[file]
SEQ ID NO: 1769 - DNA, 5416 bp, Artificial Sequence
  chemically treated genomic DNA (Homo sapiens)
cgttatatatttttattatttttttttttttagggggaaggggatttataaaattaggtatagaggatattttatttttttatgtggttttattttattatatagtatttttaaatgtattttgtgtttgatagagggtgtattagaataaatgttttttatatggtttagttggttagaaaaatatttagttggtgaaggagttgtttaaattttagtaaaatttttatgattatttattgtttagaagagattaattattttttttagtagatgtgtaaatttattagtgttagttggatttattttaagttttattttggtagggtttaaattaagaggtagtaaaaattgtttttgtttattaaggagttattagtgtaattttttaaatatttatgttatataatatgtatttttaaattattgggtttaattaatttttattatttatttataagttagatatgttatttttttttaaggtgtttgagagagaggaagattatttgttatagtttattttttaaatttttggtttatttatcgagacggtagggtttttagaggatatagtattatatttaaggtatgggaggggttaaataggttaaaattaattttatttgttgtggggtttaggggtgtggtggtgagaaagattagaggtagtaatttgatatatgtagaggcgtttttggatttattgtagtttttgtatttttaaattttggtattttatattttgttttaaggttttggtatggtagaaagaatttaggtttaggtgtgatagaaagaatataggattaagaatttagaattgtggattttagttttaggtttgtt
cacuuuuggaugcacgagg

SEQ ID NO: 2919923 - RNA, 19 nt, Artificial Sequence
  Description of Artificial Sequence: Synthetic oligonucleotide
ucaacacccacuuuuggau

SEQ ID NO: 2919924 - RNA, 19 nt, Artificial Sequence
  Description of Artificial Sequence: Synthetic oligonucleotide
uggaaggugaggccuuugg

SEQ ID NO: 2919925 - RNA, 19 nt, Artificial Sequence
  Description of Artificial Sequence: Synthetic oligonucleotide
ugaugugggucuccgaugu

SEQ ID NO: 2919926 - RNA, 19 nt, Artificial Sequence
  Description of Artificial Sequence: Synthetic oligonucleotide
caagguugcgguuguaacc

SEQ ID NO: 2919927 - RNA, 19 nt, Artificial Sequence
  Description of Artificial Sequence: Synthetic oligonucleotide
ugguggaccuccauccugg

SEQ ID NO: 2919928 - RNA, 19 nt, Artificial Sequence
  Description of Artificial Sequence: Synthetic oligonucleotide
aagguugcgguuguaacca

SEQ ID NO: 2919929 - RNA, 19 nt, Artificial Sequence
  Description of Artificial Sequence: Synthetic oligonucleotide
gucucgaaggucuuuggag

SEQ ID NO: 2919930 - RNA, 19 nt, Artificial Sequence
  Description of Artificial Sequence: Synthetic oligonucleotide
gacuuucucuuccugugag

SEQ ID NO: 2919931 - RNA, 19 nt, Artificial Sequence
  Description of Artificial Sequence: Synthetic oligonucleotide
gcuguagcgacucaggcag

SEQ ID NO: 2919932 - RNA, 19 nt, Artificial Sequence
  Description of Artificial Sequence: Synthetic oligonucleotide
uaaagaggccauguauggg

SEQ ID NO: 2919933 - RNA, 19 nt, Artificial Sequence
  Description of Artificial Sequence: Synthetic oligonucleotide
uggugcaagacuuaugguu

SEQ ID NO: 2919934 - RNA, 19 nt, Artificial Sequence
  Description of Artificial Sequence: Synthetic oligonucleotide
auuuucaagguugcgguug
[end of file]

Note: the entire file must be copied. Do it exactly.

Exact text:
SEQ ID NO: 1769 - DNA, 5416 bp, Artificial Sequence
  chemically treated genomic DNA (Homo sapiens)
cgttatatatttttattatttttttttttttagggggaaggggatttataaaattaggtatagaggatattttatttttttatgtggttttattttattatatagtatttttaaatgtattttgtgtttgatagagggtgtattagaataaatgttttttatatggtttagttggttagaaaaatatttagttggtgaaggagttgtttaaattttagtaaaatttttatgattatttattgtttagaagagattaattattttttttagtagatgtgtaaatttattagtgttagttggatttattttaagttttattttggtagggtttaaattaagaggtagtaaaaattgtttttgtttattaaggagttattagtgtaattttttaaatatttatgttatataatatgtatttttaaattattgggtttaattaatttttattatttatttataagttagatatgttatttttttttaaggtgtttgagagagaggaagattatttgttatagtttattttttaaatttttggtttatttatcgagacggtagggtttttagaggatatagtattatatttaaggtatgggaggggttaaataggttaaaattaattttatttgttgtggggtttaggggtgtggtggtgagaaagattagaggtagtaatttgatatatgtagaggcgtttttggatttattgtagtttttgtatttttaaattttggtattttatattttgttttaaggttttggtatggtagaaagaatttaggtttaggtgtgatagaaagaatataggattaagaatttagaattgtggattttagttttaggtttgtt
cacuuuuggaugcacgagg

SEQ ID NO: 2919923 - RNA, 19 nt, Artificial Sequence
  Description of Artificial Sequence: Synthetic oligonucleotide
ucaacacccacuuuuggau

SEQ ID NO: 2919924 - RNA, 19 nt, Artificial Sequence
  Description of Artificial Sequence: Synthetic oligonucleotide
uggaaggugaggccuuugg

SEQ ID NO: 2919925 - RNA, 19 nt, Artificial Sequence
  Description of Artificial Sequence: Synthetic oligonucleotide
ugaugugggucuccgaugu

SEQ ID NO: 2919926 - RNA, 19 nt, Artificial Sequence
  Description of Artificial Sequence: Synthetic oligonucleotide
caagguugcgguuguaacc

SEQ ID NO: 2919927 - RNA, 19 nt, Artificial Sequence
  Description of Artificial Sequence: Synthetic oligonucleotide
ugguggaccuccauccugg

SEQ ID NO: 2919928 - RNA, 19 nt, Artificial Sequence
  Description of Artificial Sequence: Synthetic oligonucleotide
aagguugcgguuguaacca

SEQ ID NO: 2919929 - RNA, 19 nt, Artificial Sequence
  Description of Artificial Sequence: Synthetic oligonucleotide
gucucgaaggucuuuggag

SEQ ID NO: 2919930 - RNA, 19 nt, Artificial Sequence
  Description of Artificial Sequence: Synthetic oligonucleotide
gacuuucucuuccugugag

SEQ ID NO: 2919931 - RNA, 19 nt, Artificial Sequence
  Description of Artificial Sequence: Synthetic oligonucleotide
gcuguagcgacucaggcag

SEQ ID NO: 2919932 - RNA, 19 nt, Artificial Sequence
  Description of Artificial Sequence: Synthetic oligonucleotide
uaaagaggccauguauggg

SEQ ID NO: 2919933 - RNA, 19 nt, Artificial Sequence
  Description of Artificial Sequence: Synthetic oligonucleotide
uggugcaagacuuaugguu

SEQ ID NO: 2919934 - RNA, 19 nt, Artificial Sequence
  Description of Artificial Sequence: Synthetic oligonucleotide
auuuucaagguugcgguug